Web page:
This investigation is distinct from previous studies in three ways: intravascular ultrasound, not angiography, was used to assess atherosclerosis; all patients had early baseline IVUS imaging and efforts were made to image all three epicardial coronaries (21,29–36). In addition, efforts were undertaken to image large number of coronary artery segments, including more distal segments (37–41). This study demonstrates the role of serial IVUS examination to distinguish donor-transmitted disease from allograft vasculopathy. These two disease processes appear to have different natural histories and risk factors. We have shown previously that there is no interaction between prevalence of donor atherosclerosis and subsequent development of allograft vasculopathy (42). Similarly, the increase in plaque thickness of donor atherosclerosis is independent of the development of vasculopathy lesions within the same coronary segment or the same patient. These findings demonstrate that progression of donor lesions is determined by factors distinct from those affecting the development of allograft vasculopathy. Nonetheless, both these disease processes can occur in the same patient. Thus, any intervention to alter the course of transplant coronary disease must employ serial ultrasound imaging to determine which, if any, of the two components is affected by the therapy.
Although, by most standards, this was a large serial IVUS study, all transplant investigations are limited to a relatively small number of patients. Furthermore, although transplant coronary disease is an accelerated process, one year still is a relatively short time to study the natural history of atherosclerosis. However, even in this short time frame, we observed a statistically significant impact of lipid changes on the two disease processes. There remains some doubt whether pretransplant lipid levels are an accurate reflection of the “normal” metabolic state of these patients. It is well known that there is a reduction in cholesterol levels with advanced heart failure. Therefore, pretransplant lipid levels may be lower than “healthy” normal levels in the same patients. Pretransplant lipid data were not obtainable in about one-fourth of the patients. This limited our ability to determine the impact of change in lipid values in these patients. Further, in this retrospective study, we did not have multiple lipid values for each patient at predetermined time intervals (e.g., every three months). This is also an important limitation considering the dynamic changes in lipid values during the first year following transplantation. Intravascular ultrasound assessment of the transplant CAD also deserves some criticism. We have selected the best and the worst site in a patient from each segment for analysis. Because the IVUS pullbacks were performed manually, volumetric analysis was not feasible. This site analysis may not accurately reflect the disease process in the entire coronary tree. Multivessel imaging including distal vessels was used to minimize this concern.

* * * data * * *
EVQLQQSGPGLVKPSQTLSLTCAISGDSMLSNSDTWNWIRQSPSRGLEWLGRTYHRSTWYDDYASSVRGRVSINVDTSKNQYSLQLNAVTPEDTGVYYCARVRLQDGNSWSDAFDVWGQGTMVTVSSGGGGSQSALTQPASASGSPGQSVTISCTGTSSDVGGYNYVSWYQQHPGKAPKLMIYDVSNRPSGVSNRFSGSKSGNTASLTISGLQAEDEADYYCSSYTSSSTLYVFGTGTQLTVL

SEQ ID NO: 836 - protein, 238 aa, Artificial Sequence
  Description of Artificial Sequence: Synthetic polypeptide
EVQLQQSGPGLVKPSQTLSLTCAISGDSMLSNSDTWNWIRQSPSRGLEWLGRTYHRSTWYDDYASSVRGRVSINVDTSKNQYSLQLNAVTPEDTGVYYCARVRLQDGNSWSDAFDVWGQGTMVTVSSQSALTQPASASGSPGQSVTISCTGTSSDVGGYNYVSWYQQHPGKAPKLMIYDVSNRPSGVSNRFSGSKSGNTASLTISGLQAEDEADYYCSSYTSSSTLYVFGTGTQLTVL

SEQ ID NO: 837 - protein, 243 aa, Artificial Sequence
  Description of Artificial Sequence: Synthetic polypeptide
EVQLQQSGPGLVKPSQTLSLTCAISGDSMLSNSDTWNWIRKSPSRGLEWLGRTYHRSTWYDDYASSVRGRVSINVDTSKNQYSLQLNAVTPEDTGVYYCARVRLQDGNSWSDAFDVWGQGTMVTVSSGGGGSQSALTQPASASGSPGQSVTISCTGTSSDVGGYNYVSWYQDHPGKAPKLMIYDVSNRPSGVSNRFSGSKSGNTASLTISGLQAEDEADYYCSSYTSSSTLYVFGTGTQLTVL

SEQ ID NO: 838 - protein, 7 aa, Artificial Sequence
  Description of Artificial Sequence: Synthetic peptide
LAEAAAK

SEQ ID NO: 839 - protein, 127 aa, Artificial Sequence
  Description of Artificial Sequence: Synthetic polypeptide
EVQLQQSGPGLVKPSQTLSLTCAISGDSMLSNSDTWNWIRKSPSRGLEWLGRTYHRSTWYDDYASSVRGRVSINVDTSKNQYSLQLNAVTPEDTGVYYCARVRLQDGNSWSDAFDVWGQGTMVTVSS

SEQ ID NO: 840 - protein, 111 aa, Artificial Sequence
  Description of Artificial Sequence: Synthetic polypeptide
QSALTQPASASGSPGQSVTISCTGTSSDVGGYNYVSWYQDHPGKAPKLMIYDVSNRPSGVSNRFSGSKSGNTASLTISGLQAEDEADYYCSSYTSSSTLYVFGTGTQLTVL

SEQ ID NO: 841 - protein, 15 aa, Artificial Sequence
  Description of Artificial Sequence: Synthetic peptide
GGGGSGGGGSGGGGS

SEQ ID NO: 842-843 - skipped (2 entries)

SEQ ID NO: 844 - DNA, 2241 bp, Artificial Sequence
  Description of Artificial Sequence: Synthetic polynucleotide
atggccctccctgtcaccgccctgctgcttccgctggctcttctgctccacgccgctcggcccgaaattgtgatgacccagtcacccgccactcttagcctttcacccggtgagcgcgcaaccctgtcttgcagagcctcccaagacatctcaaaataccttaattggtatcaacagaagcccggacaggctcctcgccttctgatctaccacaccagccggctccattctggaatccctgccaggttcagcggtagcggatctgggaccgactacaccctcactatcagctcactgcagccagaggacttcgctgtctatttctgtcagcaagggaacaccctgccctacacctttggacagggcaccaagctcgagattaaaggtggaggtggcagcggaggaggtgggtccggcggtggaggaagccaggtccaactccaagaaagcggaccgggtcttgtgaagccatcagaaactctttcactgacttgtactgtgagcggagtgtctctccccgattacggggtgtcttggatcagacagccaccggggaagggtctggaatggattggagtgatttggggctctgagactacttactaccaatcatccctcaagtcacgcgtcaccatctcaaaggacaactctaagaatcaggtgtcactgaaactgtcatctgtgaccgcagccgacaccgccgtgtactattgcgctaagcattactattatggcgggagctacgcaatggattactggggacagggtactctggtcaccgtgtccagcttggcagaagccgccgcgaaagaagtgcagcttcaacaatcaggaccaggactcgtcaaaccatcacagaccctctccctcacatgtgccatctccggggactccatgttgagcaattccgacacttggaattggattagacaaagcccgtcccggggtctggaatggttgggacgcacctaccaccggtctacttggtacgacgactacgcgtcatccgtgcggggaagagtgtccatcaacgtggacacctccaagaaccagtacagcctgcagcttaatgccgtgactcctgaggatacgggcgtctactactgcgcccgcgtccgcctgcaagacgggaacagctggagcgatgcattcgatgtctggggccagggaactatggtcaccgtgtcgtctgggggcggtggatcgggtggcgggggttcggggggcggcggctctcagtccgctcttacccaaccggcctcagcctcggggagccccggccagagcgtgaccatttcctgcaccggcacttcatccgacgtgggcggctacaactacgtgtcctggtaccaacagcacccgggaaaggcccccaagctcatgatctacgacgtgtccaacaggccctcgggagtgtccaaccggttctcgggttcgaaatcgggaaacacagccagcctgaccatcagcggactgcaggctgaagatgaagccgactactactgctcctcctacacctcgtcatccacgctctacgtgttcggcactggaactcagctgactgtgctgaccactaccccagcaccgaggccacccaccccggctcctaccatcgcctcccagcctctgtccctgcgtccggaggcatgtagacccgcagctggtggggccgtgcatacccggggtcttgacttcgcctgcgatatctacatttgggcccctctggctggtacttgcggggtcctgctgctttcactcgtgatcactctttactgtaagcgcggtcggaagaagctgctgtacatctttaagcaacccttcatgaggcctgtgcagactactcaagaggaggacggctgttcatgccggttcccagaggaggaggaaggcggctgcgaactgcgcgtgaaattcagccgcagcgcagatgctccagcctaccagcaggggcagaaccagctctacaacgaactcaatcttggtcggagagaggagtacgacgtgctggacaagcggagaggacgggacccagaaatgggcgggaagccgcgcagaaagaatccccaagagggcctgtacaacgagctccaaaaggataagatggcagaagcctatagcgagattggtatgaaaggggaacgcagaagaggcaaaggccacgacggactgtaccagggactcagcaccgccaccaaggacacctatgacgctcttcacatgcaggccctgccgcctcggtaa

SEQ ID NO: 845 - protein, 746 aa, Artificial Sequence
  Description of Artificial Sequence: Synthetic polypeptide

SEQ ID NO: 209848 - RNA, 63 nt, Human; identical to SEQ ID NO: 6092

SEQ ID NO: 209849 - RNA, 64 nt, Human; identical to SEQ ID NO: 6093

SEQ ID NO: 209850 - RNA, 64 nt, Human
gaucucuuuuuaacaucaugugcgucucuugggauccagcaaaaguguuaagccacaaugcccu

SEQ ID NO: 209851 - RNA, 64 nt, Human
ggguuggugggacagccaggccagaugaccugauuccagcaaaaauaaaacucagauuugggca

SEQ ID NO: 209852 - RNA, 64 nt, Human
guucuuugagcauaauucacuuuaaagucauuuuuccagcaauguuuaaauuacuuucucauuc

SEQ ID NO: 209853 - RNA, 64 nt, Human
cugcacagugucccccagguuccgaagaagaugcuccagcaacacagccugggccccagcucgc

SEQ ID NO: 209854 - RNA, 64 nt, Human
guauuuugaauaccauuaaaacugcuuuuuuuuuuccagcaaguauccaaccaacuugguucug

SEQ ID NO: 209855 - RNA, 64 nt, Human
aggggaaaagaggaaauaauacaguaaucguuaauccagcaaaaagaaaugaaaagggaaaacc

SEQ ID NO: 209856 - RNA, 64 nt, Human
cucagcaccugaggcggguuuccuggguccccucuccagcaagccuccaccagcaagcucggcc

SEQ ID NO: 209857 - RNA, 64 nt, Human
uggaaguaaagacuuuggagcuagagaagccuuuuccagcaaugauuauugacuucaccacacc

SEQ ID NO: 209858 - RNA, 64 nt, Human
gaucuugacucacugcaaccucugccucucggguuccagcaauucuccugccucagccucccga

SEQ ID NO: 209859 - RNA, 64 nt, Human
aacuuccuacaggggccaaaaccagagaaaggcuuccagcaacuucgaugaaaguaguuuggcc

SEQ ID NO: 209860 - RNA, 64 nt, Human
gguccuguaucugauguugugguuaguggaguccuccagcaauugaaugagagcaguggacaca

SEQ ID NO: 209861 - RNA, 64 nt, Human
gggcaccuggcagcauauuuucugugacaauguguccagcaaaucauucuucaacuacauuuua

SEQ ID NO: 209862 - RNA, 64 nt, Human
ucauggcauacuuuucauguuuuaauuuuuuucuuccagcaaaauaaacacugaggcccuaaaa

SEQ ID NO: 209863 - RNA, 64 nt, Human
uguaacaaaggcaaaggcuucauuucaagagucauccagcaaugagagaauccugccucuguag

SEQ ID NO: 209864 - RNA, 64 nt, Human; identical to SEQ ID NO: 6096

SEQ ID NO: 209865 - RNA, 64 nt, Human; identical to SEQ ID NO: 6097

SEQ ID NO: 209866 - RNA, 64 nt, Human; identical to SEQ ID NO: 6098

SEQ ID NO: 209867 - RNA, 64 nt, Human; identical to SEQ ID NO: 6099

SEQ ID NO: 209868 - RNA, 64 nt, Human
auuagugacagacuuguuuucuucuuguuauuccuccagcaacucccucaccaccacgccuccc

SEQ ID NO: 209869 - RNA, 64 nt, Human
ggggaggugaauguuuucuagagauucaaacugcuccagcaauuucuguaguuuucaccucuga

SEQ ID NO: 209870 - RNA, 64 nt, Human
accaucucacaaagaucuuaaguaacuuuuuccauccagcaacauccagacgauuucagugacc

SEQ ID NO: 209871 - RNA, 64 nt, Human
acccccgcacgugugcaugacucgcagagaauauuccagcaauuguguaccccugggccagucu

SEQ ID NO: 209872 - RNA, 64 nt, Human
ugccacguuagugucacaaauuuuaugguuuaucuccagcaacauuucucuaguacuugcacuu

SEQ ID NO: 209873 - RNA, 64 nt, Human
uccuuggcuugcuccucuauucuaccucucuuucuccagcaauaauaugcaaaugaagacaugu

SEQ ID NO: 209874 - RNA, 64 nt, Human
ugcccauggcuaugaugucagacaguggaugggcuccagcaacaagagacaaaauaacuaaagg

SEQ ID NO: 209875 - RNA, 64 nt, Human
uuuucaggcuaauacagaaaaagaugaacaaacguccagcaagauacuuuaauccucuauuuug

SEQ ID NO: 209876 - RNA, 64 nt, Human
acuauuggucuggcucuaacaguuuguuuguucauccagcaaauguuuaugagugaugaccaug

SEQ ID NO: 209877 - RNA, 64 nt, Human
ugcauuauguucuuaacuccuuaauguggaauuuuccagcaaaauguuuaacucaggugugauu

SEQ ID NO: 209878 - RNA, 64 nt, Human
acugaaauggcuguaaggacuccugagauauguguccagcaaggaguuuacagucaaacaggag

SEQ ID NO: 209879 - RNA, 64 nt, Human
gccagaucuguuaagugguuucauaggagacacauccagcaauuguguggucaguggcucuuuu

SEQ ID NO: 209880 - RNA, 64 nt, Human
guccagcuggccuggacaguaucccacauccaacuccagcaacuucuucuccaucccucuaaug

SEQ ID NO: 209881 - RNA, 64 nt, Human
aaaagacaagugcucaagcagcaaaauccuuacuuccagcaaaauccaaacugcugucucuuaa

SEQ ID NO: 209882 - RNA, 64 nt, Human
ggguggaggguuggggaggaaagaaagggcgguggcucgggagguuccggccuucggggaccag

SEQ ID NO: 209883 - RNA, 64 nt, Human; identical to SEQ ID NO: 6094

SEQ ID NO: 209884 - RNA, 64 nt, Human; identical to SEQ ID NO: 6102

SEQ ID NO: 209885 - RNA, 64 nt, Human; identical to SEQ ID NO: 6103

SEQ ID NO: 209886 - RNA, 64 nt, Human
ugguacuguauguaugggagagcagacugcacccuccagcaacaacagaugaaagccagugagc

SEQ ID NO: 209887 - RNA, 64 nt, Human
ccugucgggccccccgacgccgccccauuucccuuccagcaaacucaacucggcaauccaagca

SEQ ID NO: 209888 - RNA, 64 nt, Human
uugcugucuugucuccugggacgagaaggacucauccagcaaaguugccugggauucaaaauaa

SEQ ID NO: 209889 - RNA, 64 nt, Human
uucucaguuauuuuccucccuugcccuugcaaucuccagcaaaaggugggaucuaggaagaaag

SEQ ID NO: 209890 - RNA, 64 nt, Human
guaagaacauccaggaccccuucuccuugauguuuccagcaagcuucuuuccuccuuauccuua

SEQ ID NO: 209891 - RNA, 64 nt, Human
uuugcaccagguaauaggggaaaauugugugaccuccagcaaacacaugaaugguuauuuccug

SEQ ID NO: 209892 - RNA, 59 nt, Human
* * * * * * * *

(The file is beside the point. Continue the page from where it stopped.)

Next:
These findings have important implications for post-transplant management. It has been proposed that allograft vasculopathy is entirely an immunologically mediated phenomenon (43–45). Accordingly, it has been assumed that better immunosuppression alone would limit the rate of progression of acquired allograft vasculopathy. The current study supports the potential for an additional strategy of aggressive control of LDL cholesterol and provides an explanation for the benefit observed in clinical investigation (7,8,46,47). Moreover, the goals of therapy in transplant patients are not well defined. Until such information is available, we recommend maintenance of lipid values as close as possible to pretransplant values. Further, serum triglyceride levels can be regulated to potentially slow the progression of donor-transmitted atherosclerosis. Because recipient, but not donor, age influences progression of donor atherosclerosis, it may be safe to liberalize donor age limits to increase the availability of donor hearts (48).
We are grateful to Eric J. Topol, MD, and Dennis Sprecher, MD, for their careful review of the manuscript.
- body mass index
- coronary artery disease
- Coronary Artery Surgery Study
- external elastic membrane
- high density lipoprotein
- human leukocyte antigen
- intravascular ultrasound
- low density lipoprotein
- Received October 7, 1998.
- Revision received March 7, 2001.
- Accepted March 23, 2001.
- American College of Cardiology
- UNOS. Annual report of the U.S. Scientific Registry for Organ Transplantation and the Organ Procurement and Transplantation Network. U.S. Department of Health and Human Services, 1990.